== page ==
Zoe’s Story, “The Afrikaner,”​ Goes International

A woman scientist ventures into a scorching desert to search for fossils and confront the dark shadows of her Afrikaner heritage. Set between South Africa and the Kalahari Desert in Namibia, the story of palaeontologist Zoe du Plessis, the Afrikaner of the book title, has the ability to cross borders and resonate with the hearts and souls of readers far away from the hot plains of southern Africa. Because all people have a history and all nations have bloodlines. They all get shaken up and suffer trauma. But they all learn to cope with the past, learn from it and find a resolution. This is the underlying message running through The Afrikaner, which after its English publication will soon be available in German, Arabic, Italian and Afrikaans. Covid-19 permitting, the German translation will be launched at the 2020 edition of the Frankfurt Book Fair in October.
In the meantime, the author of the novel (Arianna Dagnino) and her writing partner (Ernest Mathijs), both based in Vancouver, have completed the screenplay based on Zoe’s story and started pitching the script to interested producers and film makers. In their view, the screenplay would profit from a synergetic triangulation between South Africa, Europe and North America.
Book Trailer:
Book at Guernica’s Website:
Book Website:
Listen to Chapter 1:

How much freedom should a creative writer have?

I thank the South African writer Toni Henning for her review of my novel “The Afrikaner” (Guernica Editions, Toronto, 2019). One comment struck me most and made me ponder over the total freedom writers can and should have when devising their stories and the characters that inhabit them: “I can hardly believe that the author is not South African.”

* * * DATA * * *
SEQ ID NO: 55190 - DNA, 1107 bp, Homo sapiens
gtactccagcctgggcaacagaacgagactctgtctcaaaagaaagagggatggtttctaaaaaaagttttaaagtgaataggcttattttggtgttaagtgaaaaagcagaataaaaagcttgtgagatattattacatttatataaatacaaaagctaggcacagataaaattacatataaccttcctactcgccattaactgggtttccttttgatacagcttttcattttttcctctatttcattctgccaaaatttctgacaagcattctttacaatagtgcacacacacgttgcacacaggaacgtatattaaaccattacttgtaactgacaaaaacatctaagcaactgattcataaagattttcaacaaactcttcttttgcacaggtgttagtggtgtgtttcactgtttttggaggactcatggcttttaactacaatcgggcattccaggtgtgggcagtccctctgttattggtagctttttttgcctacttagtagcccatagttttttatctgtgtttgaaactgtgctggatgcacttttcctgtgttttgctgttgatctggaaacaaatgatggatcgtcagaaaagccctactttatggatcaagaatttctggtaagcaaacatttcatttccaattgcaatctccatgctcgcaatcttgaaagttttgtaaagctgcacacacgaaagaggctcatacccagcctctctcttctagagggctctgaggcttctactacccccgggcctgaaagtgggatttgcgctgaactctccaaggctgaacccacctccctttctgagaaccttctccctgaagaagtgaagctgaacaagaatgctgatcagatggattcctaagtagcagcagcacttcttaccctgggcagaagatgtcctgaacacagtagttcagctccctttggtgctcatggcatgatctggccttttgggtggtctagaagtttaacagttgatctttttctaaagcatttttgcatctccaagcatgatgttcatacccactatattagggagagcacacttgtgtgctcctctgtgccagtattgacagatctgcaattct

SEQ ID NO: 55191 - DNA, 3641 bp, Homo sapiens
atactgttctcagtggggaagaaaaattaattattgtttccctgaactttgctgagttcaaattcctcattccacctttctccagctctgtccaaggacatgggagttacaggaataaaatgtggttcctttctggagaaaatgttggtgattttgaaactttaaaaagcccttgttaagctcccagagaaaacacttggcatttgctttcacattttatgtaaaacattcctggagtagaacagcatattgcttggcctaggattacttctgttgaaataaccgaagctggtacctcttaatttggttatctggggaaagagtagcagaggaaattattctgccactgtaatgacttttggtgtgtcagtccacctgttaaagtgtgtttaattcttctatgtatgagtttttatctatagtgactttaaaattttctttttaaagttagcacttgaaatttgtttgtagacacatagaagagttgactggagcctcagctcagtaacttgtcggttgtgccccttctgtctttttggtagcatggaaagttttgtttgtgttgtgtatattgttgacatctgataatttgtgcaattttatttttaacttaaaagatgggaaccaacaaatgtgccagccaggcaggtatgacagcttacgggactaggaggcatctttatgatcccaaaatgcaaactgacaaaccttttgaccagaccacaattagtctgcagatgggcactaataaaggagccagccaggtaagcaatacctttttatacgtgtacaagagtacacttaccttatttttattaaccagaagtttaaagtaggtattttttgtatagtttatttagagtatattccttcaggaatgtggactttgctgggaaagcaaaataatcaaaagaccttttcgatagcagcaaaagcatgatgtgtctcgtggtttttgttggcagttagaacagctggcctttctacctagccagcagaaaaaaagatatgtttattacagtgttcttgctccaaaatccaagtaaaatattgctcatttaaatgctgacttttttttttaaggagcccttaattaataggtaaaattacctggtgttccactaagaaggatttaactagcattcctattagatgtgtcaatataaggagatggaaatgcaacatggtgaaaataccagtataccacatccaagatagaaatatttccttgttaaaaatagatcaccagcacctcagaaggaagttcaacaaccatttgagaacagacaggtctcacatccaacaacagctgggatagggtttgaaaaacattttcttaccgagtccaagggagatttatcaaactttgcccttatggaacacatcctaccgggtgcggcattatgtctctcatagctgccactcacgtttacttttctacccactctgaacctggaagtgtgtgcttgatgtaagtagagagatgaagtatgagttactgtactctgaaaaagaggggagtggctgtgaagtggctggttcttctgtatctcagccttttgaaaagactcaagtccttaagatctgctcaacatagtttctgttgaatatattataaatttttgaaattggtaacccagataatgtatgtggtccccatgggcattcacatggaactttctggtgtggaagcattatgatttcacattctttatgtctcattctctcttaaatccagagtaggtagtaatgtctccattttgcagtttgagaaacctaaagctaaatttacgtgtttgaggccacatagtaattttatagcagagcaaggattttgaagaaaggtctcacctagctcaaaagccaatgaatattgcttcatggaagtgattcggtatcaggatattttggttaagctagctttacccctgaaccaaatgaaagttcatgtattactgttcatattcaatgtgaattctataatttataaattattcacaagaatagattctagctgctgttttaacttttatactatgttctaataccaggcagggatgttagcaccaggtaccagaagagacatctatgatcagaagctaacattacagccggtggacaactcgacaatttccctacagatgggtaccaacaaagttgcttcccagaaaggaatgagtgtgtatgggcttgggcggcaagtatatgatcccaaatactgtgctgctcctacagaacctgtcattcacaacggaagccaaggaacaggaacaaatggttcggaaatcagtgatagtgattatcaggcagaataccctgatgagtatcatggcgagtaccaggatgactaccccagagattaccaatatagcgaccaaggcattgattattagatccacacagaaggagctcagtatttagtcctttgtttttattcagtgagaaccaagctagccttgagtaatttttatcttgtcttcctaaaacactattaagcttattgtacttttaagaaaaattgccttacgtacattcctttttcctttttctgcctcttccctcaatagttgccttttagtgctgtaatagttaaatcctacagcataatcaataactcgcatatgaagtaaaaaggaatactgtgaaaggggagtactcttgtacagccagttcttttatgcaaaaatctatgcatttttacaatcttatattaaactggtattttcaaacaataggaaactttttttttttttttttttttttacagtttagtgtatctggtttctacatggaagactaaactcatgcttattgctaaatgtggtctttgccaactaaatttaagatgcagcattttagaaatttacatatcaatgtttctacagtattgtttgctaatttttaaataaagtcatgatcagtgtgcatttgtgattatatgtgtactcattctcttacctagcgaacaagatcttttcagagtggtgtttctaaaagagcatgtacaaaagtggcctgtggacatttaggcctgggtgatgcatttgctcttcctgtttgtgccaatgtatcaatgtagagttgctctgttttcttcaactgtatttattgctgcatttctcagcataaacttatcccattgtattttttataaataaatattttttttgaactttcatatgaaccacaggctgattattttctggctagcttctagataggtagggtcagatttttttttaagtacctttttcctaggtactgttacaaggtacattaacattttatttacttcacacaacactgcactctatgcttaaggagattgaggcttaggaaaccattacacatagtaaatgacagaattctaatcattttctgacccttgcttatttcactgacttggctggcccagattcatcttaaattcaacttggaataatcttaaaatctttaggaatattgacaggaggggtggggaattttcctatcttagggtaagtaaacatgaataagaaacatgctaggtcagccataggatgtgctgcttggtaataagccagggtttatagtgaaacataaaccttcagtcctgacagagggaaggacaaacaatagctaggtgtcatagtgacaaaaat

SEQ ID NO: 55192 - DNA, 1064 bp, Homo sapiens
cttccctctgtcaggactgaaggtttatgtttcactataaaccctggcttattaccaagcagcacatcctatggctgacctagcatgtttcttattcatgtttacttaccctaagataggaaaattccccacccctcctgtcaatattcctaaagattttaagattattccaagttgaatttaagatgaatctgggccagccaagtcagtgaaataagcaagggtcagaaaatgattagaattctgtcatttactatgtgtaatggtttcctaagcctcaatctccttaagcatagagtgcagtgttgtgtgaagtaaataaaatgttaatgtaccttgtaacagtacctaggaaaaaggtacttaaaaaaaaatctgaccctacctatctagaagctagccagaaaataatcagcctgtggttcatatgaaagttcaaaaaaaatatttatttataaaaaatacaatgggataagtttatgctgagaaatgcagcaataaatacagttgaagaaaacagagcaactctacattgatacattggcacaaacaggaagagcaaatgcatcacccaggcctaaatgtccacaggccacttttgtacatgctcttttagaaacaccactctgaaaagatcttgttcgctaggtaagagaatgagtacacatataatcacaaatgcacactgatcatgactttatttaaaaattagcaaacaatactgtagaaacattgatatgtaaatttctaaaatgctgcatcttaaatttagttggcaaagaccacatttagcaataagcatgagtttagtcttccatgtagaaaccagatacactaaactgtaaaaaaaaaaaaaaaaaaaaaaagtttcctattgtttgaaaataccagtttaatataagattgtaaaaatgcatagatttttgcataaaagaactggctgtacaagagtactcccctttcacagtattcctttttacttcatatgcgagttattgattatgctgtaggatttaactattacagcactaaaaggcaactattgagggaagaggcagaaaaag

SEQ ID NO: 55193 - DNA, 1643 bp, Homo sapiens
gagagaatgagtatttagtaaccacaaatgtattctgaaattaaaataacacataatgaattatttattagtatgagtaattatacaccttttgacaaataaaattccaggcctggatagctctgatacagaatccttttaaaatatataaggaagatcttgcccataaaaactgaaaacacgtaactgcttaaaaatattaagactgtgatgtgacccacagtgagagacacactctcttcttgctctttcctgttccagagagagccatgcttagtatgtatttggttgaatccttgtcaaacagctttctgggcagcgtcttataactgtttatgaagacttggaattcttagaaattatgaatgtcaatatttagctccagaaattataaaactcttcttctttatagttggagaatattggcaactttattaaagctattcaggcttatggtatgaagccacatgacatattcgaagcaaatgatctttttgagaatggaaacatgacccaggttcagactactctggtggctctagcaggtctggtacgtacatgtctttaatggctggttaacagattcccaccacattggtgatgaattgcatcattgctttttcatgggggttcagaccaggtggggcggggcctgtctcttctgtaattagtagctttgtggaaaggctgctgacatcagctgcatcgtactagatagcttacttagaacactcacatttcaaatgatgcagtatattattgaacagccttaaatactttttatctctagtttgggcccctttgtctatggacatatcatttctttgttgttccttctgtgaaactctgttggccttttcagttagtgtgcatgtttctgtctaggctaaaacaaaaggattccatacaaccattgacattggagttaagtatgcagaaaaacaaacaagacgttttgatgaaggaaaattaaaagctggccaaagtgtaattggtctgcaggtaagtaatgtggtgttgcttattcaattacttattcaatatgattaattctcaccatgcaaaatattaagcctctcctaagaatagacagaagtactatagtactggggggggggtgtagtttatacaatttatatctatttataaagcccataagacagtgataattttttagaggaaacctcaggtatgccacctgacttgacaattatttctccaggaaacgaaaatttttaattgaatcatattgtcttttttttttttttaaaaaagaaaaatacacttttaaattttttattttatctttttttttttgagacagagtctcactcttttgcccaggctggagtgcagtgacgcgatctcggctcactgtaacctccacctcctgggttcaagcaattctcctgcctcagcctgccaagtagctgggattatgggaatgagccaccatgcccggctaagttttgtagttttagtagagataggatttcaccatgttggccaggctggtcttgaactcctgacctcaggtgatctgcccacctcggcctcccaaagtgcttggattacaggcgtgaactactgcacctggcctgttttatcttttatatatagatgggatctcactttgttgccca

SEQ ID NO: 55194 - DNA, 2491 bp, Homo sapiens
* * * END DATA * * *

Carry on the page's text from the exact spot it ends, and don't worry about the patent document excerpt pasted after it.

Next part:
Here is Toni Henning‘s full review:
“The Afrikaner stirred a number of emotions in me; pride in the beauty of the landscapes and places of South Africa, my beloved country, incredibly described by Arianna Dagnino; the pain of loss, new and old; shame and frustration triggered by the recount of history and the fact that, so many years later, we, as a nation, are still struggling to break free; disheartened that the potential of Africa is lost due to this continent’s people’s short-sightedness and the world’s indifference; and, hope that even the most dire circumstances can be healed. Arianna’s characters are genuine; their emotions are raw; their lives are real. Having read the book I can hardly believe that the author is not South African. To read The Afrikaner is to find The Rainbow Nation exposed.”